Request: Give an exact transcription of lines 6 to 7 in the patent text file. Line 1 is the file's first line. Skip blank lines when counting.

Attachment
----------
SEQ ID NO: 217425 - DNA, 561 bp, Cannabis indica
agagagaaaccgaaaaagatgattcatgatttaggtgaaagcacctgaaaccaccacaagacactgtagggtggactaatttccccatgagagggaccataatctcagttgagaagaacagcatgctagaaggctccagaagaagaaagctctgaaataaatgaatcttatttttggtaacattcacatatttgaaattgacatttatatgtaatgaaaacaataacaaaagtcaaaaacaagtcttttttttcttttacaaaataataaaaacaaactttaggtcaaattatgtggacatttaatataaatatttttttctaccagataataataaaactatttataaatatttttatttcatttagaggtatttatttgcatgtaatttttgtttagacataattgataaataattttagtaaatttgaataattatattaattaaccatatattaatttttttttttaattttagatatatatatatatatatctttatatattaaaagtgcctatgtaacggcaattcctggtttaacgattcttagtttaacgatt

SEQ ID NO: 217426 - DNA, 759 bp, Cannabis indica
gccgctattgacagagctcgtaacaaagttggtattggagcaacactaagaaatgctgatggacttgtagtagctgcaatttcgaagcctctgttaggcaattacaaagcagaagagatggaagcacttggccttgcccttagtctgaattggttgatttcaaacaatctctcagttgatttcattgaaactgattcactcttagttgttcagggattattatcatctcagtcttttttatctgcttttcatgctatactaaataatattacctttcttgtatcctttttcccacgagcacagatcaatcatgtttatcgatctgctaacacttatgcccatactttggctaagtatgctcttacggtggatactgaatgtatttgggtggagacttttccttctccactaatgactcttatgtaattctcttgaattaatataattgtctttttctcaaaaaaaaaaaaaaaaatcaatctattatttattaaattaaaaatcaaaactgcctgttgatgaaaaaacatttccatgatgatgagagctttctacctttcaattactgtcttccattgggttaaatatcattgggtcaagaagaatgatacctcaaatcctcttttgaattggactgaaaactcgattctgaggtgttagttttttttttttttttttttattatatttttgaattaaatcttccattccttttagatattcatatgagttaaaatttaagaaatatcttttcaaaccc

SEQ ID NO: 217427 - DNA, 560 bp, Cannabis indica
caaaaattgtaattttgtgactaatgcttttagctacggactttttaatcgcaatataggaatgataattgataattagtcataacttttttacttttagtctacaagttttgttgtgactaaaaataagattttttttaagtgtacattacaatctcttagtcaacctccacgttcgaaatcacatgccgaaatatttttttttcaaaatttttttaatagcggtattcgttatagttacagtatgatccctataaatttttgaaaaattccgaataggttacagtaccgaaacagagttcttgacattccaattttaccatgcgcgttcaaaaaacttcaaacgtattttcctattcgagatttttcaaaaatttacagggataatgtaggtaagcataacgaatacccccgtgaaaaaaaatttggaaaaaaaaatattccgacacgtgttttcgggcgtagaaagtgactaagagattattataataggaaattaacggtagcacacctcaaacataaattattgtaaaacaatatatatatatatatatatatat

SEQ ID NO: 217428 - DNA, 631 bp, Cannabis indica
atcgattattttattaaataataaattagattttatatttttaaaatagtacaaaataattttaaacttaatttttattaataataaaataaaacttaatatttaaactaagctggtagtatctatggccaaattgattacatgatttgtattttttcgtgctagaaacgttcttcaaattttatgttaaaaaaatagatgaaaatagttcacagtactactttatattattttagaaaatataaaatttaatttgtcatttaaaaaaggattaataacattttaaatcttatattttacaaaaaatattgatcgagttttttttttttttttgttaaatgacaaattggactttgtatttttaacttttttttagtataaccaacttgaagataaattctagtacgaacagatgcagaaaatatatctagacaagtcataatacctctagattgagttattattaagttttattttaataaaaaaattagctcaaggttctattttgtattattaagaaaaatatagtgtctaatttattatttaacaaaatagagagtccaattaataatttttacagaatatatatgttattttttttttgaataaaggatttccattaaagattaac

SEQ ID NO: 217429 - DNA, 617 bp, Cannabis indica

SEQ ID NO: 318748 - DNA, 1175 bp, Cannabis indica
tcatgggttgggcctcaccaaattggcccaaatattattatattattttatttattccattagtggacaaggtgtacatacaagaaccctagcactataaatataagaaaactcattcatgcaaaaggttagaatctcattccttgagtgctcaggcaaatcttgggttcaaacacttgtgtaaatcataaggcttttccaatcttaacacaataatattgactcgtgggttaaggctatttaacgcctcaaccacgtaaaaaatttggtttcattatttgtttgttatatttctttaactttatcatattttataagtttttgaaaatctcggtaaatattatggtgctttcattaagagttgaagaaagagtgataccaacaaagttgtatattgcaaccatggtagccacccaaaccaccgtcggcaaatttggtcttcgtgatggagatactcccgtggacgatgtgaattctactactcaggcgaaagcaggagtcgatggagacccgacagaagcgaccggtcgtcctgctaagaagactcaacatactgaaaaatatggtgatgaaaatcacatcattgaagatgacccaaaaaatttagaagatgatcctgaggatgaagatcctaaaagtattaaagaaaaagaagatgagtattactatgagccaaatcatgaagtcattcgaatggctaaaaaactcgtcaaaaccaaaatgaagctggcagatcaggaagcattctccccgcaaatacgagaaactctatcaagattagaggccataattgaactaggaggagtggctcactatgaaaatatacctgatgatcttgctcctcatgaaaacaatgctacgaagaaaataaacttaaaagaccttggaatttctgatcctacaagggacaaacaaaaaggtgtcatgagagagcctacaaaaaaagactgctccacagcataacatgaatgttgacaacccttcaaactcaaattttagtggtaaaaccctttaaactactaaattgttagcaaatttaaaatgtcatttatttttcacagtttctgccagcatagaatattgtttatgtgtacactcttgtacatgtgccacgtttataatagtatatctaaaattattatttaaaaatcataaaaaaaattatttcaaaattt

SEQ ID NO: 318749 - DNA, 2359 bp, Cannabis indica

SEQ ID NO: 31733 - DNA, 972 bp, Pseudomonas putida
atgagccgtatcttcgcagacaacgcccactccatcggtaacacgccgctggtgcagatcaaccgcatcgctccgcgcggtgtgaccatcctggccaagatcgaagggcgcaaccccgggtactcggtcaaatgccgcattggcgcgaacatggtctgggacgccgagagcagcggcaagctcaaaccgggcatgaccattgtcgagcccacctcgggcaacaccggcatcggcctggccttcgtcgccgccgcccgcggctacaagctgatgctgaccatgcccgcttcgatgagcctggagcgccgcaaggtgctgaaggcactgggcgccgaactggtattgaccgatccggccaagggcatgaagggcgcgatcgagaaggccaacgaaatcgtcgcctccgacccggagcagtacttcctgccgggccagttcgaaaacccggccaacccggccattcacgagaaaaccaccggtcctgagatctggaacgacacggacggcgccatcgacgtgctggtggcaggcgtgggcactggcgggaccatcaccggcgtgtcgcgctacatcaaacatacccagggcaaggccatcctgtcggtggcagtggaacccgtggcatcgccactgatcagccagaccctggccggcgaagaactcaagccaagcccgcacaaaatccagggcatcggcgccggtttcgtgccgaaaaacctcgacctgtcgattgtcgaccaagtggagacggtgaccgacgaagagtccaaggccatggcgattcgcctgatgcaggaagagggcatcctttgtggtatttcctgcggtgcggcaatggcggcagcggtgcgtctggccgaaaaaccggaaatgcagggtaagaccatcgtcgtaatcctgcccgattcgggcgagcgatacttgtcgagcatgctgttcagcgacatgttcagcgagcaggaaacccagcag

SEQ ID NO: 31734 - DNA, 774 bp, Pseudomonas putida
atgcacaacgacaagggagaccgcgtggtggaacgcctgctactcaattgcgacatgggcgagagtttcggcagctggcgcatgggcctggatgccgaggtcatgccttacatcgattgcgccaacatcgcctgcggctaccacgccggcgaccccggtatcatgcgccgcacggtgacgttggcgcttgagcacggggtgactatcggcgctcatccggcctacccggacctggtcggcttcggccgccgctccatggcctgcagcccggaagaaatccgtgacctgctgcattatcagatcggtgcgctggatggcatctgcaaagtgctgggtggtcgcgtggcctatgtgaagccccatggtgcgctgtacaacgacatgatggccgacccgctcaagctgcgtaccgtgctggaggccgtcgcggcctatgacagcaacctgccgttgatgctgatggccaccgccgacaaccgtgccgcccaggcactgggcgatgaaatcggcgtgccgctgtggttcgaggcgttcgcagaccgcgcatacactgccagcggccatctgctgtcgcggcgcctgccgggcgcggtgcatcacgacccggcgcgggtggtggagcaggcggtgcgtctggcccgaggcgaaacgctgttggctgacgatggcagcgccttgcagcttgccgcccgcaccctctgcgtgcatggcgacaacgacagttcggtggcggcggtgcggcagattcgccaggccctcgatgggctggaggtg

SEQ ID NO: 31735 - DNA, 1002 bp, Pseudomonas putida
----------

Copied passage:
caaaaattgtaattttgtgactaatgcttttagctacggactttttaatcgcaatataggaatgataattgataattagtcataacttttttacttttagtctacaagttttgttgtgactaaaaataagattttttttaagtgtacattacaatctcttagtcaacctccacgttcgaaatcacatgccgaaatatttttttttcaaaatttttttaatagcggtattcgttatagttacagtatgatccctataaatttttgaaaaattccgaataggttacagtaccgaaacagagttcttgacattccaattttaccatgcgcgttcaaaaaacttcaaacgtattttcctattcgagatttttcaaaaatttacagggataatgtaggtaagcataacgaatacccccgtgaaaaaaaatttggaaaaaaaaatattccgacacgtgttttcgggcgtagaaagtgactaagagattattataataggaaattaacggtagcacacctcaaacataaattattgtaaaacaatatatatatatatatatatatat

SEQ ID NO: 217428 - DNA, 631 bp, Cannabis indica